Knight Frank puts Dubai house prices at No1 for growth in the world but is this sustainable?Posted on 08 December 2013 with 1 comment from readers
What goes up like a rocket generally falls like a stone. That was certainly true of Dubai property in the boom-to-bust cycle of 2007-9. But is this happening all over again with Dubai house prices up by 28.5 per cent in the first nine months of the year, according to Knight Frank, the fastest growing house prices in the world?
That set Dubai ahead of Beijing and Shanghai where prices were up 21.6 per cent. True Dubai is rebounding from a 60 per cent slump in house prices in the annus horribilus of 2009 but it is an impressive performance to say the least.
However, Knight Frank did report a slowing of price rises in the third quarter to an annualized 4.5 per cent against 7.3 per cent in the second quarter. The data cannot of course cover the fourth quarter, although we are now in the third month, and anecdotal evidence suggests that price rises have continued to slowdown.
The doubling of transaction fees by the Dubai Land Department in October caused something of a hiatus, while recent changes to mortgage deposit rules by the UAE Central Bank have discouraged more highly leveraged transactions.
The explicit aim is to create a market that discourages speculation in partially-paid off-plan units and encourages longer-term investors to feel that their investment is safe.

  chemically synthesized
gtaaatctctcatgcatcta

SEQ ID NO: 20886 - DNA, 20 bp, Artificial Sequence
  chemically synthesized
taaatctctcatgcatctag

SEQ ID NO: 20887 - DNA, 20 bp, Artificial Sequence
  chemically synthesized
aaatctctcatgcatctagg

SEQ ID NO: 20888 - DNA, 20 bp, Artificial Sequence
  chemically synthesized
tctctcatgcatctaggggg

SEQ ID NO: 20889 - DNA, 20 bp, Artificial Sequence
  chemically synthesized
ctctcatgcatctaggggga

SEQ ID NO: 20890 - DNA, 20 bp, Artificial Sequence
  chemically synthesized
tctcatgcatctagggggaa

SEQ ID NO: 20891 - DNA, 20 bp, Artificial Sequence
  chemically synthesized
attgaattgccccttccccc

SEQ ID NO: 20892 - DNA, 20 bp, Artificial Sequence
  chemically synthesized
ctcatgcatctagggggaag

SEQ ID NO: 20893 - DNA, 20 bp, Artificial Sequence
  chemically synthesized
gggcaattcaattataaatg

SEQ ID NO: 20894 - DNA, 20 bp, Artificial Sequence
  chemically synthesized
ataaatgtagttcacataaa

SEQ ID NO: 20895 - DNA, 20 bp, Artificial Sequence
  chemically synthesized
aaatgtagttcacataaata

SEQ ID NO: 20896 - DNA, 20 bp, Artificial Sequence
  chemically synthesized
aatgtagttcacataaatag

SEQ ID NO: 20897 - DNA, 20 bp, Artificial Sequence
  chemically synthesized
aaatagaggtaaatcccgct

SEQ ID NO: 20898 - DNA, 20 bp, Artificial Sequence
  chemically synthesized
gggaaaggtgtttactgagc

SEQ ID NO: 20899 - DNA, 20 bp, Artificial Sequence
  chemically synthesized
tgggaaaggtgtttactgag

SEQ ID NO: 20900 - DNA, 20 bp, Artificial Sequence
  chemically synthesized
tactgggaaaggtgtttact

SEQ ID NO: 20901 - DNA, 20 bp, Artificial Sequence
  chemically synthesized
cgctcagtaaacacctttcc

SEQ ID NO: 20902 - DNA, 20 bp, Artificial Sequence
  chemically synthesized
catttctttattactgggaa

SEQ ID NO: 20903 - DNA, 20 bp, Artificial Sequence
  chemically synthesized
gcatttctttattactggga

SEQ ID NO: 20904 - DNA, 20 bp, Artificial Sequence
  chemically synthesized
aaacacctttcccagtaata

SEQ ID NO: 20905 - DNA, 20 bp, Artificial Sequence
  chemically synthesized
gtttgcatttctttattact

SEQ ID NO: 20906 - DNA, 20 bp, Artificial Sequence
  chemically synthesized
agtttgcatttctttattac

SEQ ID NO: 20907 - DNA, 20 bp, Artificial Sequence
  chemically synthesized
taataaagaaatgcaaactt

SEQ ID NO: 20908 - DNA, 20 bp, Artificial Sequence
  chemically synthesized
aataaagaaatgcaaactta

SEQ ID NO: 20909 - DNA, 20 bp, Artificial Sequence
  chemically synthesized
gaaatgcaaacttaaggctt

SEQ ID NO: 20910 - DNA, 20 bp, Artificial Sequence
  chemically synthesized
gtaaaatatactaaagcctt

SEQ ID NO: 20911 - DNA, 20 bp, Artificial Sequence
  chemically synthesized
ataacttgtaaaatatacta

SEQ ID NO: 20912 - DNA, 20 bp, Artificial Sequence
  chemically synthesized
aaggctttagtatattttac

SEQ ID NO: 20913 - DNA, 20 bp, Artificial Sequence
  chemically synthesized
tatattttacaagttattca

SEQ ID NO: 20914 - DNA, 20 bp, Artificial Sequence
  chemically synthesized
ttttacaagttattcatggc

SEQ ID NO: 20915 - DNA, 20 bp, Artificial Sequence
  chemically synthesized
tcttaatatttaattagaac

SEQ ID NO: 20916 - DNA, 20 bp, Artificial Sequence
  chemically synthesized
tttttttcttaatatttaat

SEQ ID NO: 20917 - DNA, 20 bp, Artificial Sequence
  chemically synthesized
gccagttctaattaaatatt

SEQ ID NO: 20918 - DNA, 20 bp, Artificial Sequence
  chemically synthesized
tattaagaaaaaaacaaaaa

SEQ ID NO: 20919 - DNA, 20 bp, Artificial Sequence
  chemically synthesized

On the other hand, Dubai has also so far maintained a five per cent limit on annual rental increases by landlords, though it has just been removed in Abu Dhabi. This makes long-term investment less attractive to would-be landlords as they will not be able to raise rents in the future to keep up with inflation, while greedy tenants can hold them to ransom if rents fall.
Big price spike
Still the proof of a bubble is in the figures and a 28.5 per cent price spike in any market would normally be seen as unsustainable for a prolonged period. Indeed it could be that the Dubai house price bubble has already been lanced this autumn. Global interest rates are also on the way up and such hot money has probably also fuelled up the recent house price surge in Dubai.
That said a price crash like 2009 does not really look on the cards unless there is another global financial crisis, and the central bankers of the world are committed to printing money to stop that happening anytime soon.
In the absence of many other rising asset classes these days to interest investors, and with equities looking very overbought that could still propel Dubai house prices higher before the inevitable correction.
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